'Lady Bird' Shows That Greta Gerwig Can Literally Do It All

By James Jay Edwards
Released: November 17, 2017
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The adventures of a young woman living in Northern California for a year.

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Film Review
In front of the camera, Greta Gerwig has proven herself to be a powerhouse of independent cinema with show-stopping and scene-stealing performances in movies like Mistress America, 20th Century Women, and Maggie's Plan. Now, audiences get to see what she can do behind the camera with her solo directorial debut Lady Bird.

Saoirse Ronan in Lady Bird, photo by Merie Wallace, courtesy A24.

Quite simply, Lady Bird is the story of a young girl named Christine McPherson, who calls herself Lady Bird (Brooklyn's Saoirse Ronan), as she makes her way through her senior year at a catholic high school in Sacramento. Lady Bird navigates her way through her classes, joins the drama club to impress a boy named Danny (Lucas Hedges from Manchester by the Sea), and tries to figure out her college situation with the help of her supportive father (Christine's Tracy Letts) and her less-than-supportive mother (Laurie Metcalf from "Roseanne"), all with her trusty best friend, Julie (Beanie Feldstein from Neighbors 2: Sorority Rising), by her side.

That synopsis may sound uneventful, but Lady Bird is anything but. Between her classmates, friends, family, and the other people in her life, Lady Bird has plenty of drama to sort through, both self-inflicted and incidental. Greta Gerwig, who grew up in Sacramento, claims that her screenplay for Lady Bird is not autobiographical, but there's a little of everybody in the lead character, male or female, catholic or not. Anyone who has been through high school and had to grow up in social circles will relate to the type of drama in Lady Bird. Anyone and everyone.

Lucas Hedges and Saoirse Ronan in Lady Bird, photo by Merie Wallace, courtesy A24.

Gerwig's voice emerges as very raw and genuine in Lady Bird, so the film is very honest and comfortable. Unlike Gerwig's acting output, which tends to lean towards an improvisational "mumblecore" style, Lady Bird seems to be highly scripted and meticulously crafted. It's not that it's unnatural or inorganic, just that its rhythm flows in an almost poetic way that is sometimes absent from the impromptu guerilla style of filmmaking that audiences expect from Gerwig as an actress. Which means that Gerwig's directorial voice differs from her performance one, and that's good. It's like audiences will get two different Gretas from here on out, and two is better than one, at least when we're talking about a talent like Greta Gerwig.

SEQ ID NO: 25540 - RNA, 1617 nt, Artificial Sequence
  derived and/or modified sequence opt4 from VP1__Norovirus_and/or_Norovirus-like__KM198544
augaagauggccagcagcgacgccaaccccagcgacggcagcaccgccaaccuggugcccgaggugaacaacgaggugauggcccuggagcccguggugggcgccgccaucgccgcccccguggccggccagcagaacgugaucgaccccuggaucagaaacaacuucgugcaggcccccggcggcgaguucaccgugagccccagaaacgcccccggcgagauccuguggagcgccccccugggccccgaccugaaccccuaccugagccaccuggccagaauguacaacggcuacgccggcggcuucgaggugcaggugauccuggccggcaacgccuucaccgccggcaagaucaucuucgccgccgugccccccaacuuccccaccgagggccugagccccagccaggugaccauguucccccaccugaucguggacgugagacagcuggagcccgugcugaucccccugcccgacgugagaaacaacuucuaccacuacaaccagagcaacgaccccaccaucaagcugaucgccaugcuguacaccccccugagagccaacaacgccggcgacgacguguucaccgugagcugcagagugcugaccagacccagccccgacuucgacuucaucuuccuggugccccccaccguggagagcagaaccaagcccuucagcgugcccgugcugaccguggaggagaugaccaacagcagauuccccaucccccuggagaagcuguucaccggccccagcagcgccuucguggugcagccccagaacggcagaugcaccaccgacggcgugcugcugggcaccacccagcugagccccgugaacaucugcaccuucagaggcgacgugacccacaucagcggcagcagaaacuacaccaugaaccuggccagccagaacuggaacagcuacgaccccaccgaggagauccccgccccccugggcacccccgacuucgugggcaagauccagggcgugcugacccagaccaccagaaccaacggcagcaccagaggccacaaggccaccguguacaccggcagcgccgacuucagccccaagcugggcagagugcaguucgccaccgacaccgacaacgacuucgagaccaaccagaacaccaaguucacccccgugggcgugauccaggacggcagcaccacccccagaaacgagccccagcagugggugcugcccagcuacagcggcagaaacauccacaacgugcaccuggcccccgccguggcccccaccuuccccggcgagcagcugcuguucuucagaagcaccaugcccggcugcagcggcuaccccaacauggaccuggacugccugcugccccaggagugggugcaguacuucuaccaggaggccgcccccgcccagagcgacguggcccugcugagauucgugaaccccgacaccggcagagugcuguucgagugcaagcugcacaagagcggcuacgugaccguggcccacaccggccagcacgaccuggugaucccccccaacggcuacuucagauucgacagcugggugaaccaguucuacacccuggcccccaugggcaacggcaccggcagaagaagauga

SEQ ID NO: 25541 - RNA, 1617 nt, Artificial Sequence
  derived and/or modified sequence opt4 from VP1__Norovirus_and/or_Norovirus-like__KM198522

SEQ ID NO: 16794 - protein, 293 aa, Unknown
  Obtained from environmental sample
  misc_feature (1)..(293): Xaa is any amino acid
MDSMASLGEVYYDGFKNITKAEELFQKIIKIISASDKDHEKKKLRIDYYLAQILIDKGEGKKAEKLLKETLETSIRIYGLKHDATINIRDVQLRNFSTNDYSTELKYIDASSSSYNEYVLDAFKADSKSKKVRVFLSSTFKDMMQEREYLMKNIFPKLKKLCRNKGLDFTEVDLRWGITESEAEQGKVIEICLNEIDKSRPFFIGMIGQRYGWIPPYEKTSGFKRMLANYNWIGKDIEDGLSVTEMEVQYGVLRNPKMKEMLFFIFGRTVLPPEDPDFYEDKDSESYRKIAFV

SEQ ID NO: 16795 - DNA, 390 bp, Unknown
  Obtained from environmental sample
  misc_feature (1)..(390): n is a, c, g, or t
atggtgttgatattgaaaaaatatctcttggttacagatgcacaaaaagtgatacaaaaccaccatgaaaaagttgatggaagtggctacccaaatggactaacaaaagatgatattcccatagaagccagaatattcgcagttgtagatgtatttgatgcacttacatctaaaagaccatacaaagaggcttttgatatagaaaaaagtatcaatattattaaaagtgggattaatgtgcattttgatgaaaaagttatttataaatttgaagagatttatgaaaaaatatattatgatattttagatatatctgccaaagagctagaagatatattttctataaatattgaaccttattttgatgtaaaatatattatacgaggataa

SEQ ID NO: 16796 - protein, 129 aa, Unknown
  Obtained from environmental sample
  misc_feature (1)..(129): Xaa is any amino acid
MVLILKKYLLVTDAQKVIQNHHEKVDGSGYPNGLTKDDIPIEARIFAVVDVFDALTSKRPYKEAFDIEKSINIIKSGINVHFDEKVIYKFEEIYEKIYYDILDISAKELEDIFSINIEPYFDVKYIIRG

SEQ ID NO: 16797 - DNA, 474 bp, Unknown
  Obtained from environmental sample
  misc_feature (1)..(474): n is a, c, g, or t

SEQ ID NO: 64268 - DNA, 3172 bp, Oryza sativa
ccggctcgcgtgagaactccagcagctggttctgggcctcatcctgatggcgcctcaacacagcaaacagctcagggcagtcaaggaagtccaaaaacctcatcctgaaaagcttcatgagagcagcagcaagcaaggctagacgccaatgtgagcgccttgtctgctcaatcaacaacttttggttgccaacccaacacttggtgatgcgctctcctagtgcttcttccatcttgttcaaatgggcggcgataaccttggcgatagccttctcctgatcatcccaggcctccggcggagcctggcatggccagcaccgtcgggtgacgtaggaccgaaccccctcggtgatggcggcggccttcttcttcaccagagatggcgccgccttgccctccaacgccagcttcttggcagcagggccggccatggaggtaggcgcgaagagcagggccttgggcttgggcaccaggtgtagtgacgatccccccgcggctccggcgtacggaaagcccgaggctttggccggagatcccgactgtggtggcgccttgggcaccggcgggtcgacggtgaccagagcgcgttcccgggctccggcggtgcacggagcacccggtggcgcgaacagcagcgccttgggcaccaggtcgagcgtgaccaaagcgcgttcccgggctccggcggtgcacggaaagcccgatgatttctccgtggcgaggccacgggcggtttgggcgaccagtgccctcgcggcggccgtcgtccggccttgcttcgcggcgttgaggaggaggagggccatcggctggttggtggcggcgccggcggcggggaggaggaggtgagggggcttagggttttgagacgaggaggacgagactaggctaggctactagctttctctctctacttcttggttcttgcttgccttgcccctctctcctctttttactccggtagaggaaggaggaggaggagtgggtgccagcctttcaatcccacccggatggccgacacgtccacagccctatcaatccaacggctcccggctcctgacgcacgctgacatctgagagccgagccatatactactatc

What Lady Bird essentially boils down to is a fresh coming of age story that is about both rebellion and conformity. While it doesn't condemn Catholicism, it is a story of both busting out of and lashing out at the stifling institution of catholic school. And the best part is that it never takes itself too seriously while it does it. It's a very introspective movie, and it does it all in a very accessible way. The audience laughs, cries, and cheers at Lady Bird's journey of self-discovery and growth. They also get to see her mother learn a few things along the way as well.

Saoirse Ronan and Laurie Metcalf in Lady Bird, photo by Merie Wallace, courtesy A24.

Lady Bird is a masterpiece, but not in the way that people usually expect. The filmmaking is as flawed as the characters, and that's what makes it so perfect. Like a performer who owns his or her mistakes, Lady Bird is unapologetic for its rough edges, which makes it all seem as smooth as glass.
Comedy Factor
Lady Bird is being promoted as a comedy, and that's a fair assessment, but it's not a typical Judd Apatow-style comedy. It's funny in a classic John Hughes kind of way, not full of brainless guffaws, but packed with intelligent chuckles. Most of the comedy is generated by the witty dialogue or the ridiculous situations, but the funniest scene is actually a physical comedy bit in the opening scene that is the type of thing that, while hilarious, makes the audience feel bad for finding it funny (that is to say that it involves injury, but no loss of life). But the whole movie has comedy like that; not really inappropriate, but not squeaky clean either. It's humor that makes you think while you laugh.

Saoirse Ronan and Beanie Feldstein in Lady Bird, photo by Merie Wallace, courtesy A24.

Release Date
November 17, 2017
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